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Hydra 70 Launcher
Hydra 70 Launcher

 

The Hydra 70 Launcher (Mighty Mouse)

Hydra 70 Rocketrs Launcher Front

The Hydra 70 rocket is a 2.75-inch (70 mm) diameter fin-stabilized unguided rocket used primarily in the air-to-ground role. It can be equipped with a variety of warheads, and in more recent versions, guidance systems for point attacks.  The Hydra 70 is derived from the 2.75-inch (70 mm) diameter Mk 4/Mk 40 Folding-Fin Aerial Rocket developed by the United States Navy for use as a free-flight aerial rocket in the late 1940s. The Mk 40 was used during the Korean and Vietnam wars to provide close air support to ground forces from about 20 different firing platforms, both fixed-wing and armed helicopters.

The United States was the primary user of this type of weapon and developed a number of different launching pods for it. The LAU-3 pods were constructed of aluminum-reinforced cardboard and were intended to be disposed of either on the ground after a mission or by dropping them in-flight. With the advent of the armed helicopter, and the increased usage during the Vietnam War, the need for launching pods that were reusable became apparent, so that later models were of all-metal construction. Though the rocket was initially developed by the US Navy, the US Air Force and later US Army were most responsible for the development of rocket pods for all services.

Rocketrs for Hydra 70 nams

The Hydra 70 is the name associated with the new family of 2.75 inch (70mm) rockets. Basically, Hydra 70 refers to the MK66 rocket motor with any warhead fuse combination. The MK66 rocket motor was designed to provide a common 2.75 inch rocket for helicopters and high-performance aircraft.  It uses a longer tube, and improved double base solid propellant, and a different nozzle and fin assembly. Increased velocity and spin provide improved trajectory stability for better accuracy. The launch signature and smoke trail have been significantly reduced. The MK66 Mod 1 is not HERO (Hazard of Electronic Radiation to Ordnance) safe. It can be inadvertently ignited by EMR (Electro Magnetic Radiation), especially by radio frequencies found aboard Navy ships. Both the Mod 2 and 3 have HERO filters, and the Mod 2 filters may prevent the AH-1 RMS from inventorying. The Mod 1 is the standard motor for Army use as will be the Mod 3 when fielded.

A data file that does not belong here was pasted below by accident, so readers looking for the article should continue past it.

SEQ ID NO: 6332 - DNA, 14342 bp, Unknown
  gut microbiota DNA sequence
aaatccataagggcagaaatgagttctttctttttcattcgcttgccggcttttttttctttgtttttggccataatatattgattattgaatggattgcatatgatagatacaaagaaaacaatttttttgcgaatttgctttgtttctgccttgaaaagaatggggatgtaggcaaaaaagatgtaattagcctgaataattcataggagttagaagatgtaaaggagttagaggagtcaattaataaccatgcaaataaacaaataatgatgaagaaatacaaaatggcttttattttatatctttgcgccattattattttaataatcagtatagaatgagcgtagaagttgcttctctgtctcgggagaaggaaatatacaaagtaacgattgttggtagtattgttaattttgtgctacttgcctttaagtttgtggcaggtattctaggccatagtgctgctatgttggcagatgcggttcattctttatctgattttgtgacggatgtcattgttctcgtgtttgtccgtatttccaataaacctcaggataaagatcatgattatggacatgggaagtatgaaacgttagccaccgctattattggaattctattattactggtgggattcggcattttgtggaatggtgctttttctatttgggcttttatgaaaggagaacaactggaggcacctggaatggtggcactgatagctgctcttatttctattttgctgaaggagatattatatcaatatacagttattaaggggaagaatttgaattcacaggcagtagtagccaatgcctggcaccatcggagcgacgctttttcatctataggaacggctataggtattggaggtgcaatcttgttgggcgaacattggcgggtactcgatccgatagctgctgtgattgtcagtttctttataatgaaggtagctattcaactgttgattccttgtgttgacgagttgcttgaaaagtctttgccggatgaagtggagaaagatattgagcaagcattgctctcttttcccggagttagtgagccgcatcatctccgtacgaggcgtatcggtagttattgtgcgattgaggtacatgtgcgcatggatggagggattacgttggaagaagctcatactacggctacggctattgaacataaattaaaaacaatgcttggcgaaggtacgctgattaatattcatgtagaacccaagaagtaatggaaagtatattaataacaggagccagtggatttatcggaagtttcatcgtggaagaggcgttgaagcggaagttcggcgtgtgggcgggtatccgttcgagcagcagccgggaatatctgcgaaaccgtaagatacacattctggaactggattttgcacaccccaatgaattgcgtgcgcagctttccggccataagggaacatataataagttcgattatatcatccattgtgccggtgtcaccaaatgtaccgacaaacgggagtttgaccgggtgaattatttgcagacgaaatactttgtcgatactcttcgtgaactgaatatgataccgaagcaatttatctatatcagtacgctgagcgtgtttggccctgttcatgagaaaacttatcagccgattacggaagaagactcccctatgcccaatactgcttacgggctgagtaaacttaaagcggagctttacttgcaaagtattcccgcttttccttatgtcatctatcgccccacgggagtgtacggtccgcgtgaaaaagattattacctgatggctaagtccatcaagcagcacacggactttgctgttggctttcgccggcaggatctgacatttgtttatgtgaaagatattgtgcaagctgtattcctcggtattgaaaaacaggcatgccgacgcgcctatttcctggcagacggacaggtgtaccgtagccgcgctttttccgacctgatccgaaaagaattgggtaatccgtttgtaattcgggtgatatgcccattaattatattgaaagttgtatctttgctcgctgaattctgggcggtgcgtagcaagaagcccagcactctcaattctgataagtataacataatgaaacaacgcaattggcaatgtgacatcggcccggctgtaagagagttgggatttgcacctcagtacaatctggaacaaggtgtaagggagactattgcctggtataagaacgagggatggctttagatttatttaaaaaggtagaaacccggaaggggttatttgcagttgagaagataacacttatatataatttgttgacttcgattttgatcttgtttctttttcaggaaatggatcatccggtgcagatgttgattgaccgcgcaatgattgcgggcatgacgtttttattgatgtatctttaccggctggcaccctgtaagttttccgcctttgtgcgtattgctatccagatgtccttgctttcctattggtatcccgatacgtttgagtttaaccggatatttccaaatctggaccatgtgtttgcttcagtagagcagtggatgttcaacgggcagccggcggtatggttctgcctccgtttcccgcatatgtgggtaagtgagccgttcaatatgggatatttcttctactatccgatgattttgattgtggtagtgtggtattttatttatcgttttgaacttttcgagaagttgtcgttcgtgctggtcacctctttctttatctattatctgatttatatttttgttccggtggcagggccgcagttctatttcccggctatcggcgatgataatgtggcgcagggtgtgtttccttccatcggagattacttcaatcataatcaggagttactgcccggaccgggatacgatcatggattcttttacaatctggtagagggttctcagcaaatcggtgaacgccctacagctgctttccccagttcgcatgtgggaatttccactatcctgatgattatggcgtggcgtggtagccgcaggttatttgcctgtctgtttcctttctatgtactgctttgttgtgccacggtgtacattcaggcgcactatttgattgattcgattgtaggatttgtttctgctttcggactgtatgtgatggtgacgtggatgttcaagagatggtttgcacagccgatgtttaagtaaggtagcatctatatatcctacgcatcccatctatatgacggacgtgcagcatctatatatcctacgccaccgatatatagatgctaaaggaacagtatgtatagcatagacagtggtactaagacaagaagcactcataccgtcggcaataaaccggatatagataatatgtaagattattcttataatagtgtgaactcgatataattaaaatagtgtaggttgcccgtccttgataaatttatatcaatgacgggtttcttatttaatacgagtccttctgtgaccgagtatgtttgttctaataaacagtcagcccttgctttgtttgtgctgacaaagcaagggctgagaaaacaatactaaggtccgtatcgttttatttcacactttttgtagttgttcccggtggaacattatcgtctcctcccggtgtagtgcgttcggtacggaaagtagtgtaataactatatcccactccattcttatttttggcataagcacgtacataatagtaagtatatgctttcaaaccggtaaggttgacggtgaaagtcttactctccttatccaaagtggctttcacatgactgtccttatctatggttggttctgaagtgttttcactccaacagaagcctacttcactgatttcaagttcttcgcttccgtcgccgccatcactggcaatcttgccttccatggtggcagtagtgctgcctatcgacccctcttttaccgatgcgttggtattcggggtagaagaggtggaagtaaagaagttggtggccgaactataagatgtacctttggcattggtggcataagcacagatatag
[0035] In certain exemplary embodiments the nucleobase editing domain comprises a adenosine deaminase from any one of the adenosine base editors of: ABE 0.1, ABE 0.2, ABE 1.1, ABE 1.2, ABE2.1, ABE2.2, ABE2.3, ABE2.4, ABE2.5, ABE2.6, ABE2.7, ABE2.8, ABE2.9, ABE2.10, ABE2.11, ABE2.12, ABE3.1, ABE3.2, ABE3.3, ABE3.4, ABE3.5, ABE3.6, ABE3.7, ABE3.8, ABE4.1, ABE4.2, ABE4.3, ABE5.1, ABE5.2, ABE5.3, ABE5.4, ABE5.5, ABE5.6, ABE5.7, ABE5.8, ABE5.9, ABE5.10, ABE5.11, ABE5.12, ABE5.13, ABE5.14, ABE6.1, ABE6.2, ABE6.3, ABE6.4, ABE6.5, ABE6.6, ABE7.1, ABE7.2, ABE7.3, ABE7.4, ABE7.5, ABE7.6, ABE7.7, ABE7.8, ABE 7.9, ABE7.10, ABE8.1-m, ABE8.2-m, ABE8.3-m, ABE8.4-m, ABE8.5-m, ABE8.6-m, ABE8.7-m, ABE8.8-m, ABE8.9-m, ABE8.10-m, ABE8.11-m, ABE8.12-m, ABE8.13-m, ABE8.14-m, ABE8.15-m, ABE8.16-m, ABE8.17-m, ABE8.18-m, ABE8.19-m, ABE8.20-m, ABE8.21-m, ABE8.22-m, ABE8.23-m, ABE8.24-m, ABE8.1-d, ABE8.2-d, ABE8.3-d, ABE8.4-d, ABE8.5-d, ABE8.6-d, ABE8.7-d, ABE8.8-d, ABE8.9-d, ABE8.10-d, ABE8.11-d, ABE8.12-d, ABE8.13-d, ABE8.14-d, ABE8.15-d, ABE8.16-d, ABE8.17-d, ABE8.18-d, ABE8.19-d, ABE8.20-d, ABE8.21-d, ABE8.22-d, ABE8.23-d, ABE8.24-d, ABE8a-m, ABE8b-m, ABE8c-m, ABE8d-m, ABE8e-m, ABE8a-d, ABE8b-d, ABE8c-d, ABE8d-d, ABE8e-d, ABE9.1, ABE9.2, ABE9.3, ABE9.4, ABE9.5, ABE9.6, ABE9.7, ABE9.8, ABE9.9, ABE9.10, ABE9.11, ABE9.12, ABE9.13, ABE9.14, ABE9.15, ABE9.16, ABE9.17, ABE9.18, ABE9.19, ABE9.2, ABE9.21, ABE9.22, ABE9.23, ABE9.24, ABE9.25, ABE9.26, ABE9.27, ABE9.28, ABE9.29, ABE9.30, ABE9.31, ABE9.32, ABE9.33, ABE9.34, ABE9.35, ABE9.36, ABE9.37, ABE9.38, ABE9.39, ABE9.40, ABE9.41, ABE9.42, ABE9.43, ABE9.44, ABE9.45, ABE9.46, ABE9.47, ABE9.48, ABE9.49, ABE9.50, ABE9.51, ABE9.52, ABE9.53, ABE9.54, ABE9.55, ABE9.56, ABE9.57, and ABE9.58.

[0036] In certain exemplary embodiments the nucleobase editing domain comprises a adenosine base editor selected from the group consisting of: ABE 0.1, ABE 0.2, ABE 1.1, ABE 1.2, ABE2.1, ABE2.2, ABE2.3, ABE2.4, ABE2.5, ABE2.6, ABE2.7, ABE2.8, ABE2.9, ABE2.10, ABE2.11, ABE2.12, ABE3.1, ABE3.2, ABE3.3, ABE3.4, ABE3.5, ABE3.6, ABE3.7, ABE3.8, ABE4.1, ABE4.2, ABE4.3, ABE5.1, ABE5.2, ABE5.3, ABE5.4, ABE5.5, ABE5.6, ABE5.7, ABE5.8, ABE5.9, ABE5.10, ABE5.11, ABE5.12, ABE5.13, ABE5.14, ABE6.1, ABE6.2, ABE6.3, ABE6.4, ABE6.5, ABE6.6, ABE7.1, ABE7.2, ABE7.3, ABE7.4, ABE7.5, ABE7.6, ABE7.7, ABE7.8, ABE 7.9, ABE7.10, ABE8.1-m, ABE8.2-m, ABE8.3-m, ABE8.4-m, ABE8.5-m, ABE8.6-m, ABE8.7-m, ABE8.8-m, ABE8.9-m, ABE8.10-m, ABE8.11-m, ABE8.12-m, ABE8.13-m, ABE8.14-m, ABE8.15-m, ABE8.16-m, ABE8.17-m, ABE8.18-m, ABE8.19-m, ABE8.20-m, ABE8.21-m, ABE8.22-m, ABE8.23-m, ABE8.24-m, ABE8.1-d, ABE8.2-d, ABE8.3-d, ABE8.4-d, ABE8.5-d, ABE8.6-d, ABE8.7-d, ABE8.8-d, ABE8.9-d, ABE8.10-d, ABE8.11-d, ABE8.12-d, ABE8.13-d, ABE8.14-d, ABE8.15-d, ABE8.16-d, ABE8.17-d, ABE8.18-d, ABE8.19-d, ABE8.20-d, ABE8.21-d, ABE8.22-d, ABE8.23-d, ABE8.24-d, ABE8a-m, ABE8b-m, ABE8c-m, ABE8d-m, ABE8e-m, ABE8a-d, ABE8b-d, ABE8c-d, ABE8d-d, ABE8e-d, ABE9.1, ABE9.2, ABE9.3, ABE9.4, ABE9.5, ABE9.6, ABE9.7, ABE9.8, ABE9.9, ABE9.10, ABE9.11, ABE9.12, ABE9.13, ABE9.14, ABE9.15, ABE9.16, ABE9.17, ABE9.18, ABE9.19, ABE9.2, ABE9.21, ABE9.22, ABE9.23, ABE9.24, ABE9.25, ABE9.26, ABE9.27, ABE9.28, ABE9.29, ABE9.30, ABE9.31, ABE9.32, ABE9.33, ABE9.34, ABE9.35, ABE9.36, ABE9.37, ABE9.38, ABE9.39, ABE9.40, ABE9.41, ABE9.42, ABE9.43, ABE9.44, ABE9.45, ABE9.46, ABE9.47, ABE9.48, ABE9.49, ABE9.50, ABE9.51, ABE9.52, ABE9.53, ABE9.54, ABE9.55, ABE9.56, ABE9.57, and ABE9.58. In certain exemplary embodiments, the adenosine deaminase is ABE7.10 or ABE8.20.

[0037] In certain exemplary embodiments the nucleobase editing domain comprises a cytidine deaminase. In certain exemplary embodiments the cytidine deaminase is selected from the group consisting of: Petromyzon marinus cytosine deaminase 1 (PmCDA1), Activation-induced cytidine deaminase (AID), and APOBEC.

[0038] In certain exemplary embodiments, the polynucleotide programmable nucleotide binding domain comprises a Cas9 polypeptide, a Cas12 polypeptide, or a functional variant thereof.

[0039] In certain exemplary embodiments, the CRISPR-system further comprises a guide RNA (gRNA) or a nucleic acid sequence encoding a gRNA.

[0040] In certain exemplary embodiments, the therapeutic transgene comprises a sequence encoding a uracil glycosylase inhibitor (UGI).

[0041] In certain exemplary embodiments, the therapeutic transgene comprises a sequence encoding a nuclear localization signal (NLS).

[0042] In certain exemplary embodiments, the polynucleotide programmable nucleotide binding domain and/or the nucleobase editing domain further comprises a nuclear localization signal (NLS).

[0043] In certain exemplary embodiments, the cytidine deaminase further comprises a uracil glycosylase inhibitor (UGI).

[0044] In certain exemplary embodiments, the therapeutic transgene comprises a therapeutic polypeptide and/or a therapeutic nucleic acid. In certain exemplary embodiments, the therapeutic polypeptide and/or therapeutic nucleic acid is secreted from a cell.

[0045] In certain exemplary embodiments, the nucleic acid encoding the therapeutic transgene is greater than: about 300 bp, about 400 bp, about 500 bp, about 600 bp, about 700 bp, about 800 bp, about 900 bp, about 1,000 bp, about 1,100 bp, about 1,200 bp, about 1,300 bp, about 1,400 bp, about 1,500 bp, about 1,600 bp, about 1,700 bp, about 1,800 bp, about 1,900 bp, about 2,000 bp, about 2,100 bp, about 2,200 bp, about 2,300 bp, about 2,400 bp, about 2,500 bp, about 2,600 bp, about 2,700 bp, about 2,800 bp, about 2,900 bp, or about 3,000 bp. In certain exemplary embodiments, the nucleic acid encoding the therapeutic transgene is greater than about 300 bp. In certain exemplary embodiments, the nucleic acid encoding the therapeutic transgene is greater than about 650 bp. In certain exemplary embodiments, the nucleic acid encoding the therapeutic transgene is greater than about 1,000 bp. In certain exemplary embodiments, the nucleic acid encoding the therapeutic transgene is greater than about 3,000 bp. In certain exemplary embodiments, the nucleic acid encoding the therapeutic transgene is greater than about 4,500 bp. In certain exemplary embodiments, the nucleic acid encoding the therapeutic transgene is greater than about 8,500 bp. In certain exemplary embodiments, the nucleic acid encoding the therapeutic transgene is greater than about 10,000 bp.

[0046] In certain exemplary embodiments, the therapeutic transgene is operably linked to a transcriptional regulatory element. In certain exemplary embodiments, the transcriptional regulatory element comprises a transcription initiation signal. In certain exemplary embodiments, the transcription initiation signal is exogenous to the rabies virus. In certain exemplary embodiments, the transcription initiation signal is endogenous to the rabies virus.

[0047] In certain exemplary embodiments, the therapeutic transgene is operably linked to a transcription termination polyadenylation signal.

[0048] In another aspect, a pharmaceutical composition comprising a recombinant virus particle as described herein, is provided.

The early reusable launchers were:  

M158: 7-tube launcher; Ml58AI replaced the LAU-68/A

M159: 19-tube launcher; M159Al replaced the LAU-611

The Hydra rocket launcher system can be installed on most rotary and fixed-wing aircraft, such as the AH-64 Apache, UH-ICIM "Huey", AH-1Z Viper, AH-1 Cobra, OH-58 Kiowa, UH-60 Black Hawk, P-3 Orion, MH-6 Little Bird, A-10 Thunderbolt II, AV-8B Harrier II, UH-1 Iroquois, F-4 Phantom II, F-16 Fighting Falcon, F/A-18 Hornet, OV-10 Bronco, A-4 Skyhawk and A-6 Intruder.

The Hydra rocket launcher  is reusable and repairable. The ribbon copy of the
patent and the citation for this launcher is displayed below.

Ribbon copy of patent for HydraThe ribbon copy of the patent and the citation for this launcher.

U.S. Veterans Memorial Museum
2060A Airport Road • Huntsville AL 35801
(256) 883-3737
info@memorialmuseum.org